- Also in the “unfinished WIP” category, episode #2 of Inquisitive has a delightful re-cap of the history of podcasting, including the dark years.
It’s a real project if…, or, avoiding showing up to save time
I liked the quick summary of determining if something is a real project or not on this week’s Back to Work. I spend much of time sorting out if I should get involved in a project or not, both internal to 451 and externally. In analyst life, there’s lots of people looking for open-ended projects with no budget, and those become time-sucks that marks like me end-up carrying the water for.
I spend a lot of time observing behavior of other people in the companies I work for, mostly the people who are considered “successful.” What I’ve noticed is that those successful people don’t do much, in a good way. They’re highly selective of the projects they get involved with, and even the email threads they answer.
If you’re the kind of person who subscribes and actually reads this newsletter, you likely have the problem I have: you get bored easily and use work as a way to entertain yourself…instead of using work as a way to get paid. I’ve got to shift more and more of my efforts to that second part, because the first creates a stream of unfinished projects that go nowhere and becomes a terrible loop of boredom on its own.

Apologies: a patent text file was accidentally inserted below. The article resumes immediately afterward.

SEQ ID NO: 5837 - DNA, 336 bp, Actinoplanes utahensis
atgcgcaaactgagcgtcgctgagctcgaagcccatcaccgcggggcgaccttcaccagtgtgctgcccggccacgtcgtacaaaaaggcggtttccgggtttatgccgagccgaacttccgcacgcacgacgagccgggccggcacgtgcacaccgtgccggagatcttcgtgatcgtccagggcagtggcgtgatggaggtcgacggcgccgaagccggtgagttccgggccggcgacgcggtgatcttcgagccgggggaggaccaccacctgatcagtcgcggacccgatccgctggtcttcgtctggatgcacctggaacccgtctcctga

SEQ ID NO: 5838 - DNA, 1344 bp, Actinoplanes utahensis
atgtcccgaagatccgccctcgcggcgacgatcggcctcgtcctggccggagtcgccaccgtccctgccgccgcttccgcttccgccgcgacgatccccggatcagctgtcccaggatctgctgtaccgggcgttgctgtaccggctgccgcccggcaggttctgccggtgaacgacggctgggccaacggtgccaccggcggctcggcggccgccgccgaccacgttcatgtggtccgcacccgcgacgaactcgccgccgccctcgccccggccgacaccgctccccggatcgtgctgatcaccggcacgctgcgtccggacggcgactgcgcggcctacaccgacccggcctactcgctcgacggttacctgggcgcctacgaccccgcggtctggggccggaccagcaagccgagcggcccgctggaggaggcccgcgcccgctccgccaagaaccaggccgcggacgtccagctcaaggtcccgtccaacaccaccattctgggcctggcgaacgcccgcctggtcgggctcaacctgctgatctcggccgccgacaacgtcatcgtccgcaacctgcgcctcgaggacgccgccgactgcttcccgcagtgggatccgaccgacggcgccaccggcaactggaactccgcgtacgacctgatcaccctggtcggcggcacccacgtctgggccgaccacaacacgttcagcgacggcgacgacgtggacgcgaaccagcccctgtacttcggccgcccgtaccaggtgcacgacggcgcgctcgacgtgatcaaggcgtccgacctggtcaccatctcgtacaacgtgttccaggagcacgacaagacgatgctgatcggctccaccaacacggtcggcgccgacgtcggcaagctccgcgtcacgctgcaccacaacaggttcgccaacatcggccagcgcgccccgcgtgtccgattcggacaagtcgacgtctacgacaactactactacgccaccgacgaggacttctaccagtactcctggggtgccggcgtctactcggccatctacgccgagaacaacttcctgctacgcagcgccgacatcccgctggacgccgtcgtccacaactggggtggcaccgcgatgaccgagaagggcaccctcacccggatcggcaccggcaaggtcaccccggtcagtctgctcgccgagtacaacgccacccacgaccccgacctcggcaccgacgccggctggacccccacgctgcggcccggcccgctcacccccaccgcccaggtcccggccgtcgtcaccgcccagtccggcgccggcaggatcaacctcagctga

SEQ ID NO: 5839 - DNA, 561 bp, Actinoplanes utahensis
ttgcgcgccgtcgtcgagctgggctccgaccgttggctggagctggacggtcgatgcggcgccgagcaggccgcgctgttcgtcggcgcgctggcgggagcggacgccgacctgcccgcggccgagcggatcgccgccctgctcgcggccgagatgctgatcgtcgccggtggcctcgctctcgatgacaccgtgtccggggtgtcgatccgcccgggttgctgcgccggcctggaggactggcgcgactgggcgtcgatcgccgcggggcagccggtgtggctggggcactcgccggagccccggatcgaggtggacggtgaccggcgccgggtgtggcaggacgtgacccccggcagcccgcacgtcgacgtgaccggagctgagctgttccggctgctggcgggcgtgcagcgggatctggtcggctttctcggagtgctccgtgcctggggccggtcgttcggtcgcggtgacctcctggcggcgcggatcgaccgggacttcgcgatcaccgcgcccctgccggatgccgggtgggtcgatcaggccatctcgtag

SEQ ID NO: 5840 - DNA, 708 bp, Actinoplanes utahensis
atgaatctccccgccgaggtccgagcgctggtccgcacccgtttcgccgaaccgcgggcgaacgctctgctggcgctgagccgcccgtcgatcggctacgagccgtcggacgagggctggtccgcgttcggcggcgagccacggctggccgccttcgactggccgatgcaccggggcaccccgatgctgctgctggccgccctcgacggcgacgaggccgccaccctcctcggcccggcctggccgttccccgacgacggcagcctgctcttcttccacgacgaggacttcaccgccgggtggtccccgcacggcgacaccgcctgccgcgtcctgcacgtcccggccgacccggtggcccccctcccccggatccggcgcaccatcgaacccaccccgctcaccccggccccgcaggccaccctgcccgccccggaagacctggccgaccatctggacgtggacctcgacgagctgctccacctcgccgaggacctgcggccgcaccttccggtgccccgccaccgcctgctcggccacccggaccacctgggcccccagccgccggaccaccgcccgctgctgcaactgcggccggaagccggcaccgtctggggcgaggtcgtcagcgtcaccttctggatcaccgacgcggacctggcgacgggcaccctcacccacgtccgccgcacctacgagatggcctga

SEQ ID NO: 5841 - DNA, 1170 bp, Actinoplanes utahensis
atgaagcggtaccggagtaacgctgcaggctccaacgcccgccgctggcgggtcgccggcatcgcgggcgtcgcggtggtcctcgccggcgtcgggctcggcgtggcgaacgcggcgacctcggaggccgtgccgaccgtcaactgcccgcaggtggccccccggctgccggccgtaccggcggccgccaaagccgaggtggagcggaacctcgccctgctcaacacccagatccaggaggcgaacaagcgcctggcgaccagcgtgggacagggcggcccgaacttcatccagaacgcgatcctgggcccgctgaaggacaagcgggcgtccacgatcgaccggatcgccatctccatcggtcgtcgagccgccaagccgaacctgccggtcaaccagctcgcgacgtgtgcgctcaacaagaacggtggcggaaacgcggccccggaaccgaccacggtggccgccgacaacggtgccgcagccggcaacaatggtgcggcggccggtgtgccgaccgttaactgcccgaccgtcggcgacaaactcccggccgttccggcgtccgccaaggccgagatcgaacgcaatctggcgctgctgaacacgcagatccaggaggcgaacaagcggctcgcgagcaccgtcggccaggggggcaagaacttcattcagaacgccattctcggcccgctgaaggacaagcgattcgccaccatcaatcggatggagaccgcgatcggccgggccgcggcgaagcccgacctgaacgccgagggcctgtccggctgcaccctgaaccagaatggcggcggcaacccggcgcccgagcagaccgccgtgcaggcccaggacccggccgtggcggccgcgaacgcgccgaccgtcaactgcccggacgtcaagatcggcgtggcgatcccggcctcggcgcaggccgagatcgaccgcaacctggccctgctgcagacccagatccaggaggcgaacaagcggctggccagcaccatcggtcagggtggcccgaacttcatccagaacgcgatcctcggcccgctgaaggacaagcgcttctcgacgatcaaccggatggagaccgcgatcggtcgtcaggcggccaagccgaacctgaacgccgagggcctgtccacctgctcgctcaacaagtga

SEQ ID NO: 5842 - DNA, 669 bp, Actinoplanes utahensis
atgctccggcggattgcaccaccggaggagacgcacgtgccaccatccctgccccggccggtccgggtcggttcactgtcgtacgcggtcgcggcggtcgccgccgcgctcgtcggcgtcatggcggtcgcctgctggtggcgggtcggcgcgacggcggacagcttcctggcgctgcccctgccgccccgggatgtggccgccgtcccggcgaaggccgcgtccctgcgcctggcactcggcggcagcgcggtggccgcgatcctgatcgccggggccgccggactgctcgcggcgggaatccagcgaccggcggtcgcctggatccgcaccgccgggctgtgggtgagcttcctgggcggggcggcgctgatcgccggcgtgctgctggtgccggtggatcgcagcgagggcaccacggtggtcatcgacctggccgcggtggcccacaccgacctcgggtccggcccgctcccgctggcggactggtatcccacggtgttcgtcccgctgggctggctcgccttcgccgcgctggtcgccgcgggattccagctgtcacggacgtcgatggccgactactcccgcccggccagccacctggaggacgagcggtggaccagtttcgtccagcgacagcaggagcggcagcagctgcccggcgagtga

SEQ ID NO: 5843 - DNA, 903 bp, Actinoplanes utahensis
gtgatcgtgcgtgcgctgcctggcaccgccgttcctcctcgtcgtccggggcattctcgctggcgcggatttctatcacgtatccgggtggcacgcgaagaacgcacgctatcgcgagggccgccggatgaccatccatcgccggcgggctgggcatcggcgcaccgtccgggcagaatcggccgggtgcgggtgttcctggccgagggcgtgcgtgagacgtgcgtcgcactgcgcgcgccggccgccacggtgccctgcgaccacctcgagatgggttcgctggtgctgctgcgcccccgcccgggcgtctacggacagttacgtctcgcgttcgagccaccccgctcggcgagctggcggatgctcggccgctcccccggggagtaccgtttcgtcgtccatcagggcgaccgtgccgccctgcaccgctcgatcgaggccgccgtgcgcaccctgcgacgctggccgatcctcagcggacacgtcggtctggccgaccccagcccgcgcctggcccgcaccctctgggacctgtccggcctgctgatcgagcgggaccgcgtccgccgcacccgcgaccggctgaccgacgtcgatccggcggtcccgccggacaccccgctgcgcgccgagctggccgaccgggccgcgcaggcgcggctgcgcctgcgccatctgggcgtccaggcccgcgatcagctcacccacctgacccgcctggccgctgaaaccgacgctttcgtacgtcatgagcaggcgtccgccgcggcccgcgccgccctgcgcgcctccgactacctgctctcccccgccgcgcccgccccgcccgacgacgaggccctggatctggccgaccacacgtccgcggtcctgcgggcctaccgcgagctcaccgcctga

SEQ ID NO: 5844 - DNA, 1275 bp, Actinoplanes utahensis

451’s VMworld 2014 pieces are coming out
- For 451 clients (and folks who have a trial), Peter ffoulkes has a nice, brief piece on VMware’s usage and planned usage, broken down by pre-#VMworld2014 brand-name. A sample of the analysis:
The names may have changed, which makes it quite difficult to track both historical usage and forward-looking plans, but at the end of the day marketing departments like to change names to protect the guilty. Whatever the products are called today, or may be called in the future, it is clear that the hypervisor-level technologies that are the basis of VMware’s current market dominance are commoditizing. This provides leverage but no guarantee of future market share for VMware in adjacent markets (management and cloud platforms), which have notable established incumbents and a set of engagement rules that are not necessarily aligned with VMware’s historical success factors.
Hey, don’t worry: that vRealize one is on the kitchen island ready to cook up.
Private Equity, which was the style of the time
All the sudden so many large tech companies are looking to go private. TIBCO did the obligatory hanging out a sign recently, it seems. Of course, I’m sure many are all like “TIBwho?” which is fine (and if you’re a TIBwhu? person, you’ll love this discussion of Compuware!). If you couple this trend with another macro-theory, that IT spending is slowing down, permanently, then you’ve got something slightly interesting. Tech becomes normal.
Fun & IRL
There’s only two days left to upload several years worth of photos to my newly TB’ed Dropbox account. Yup. Try not to do that.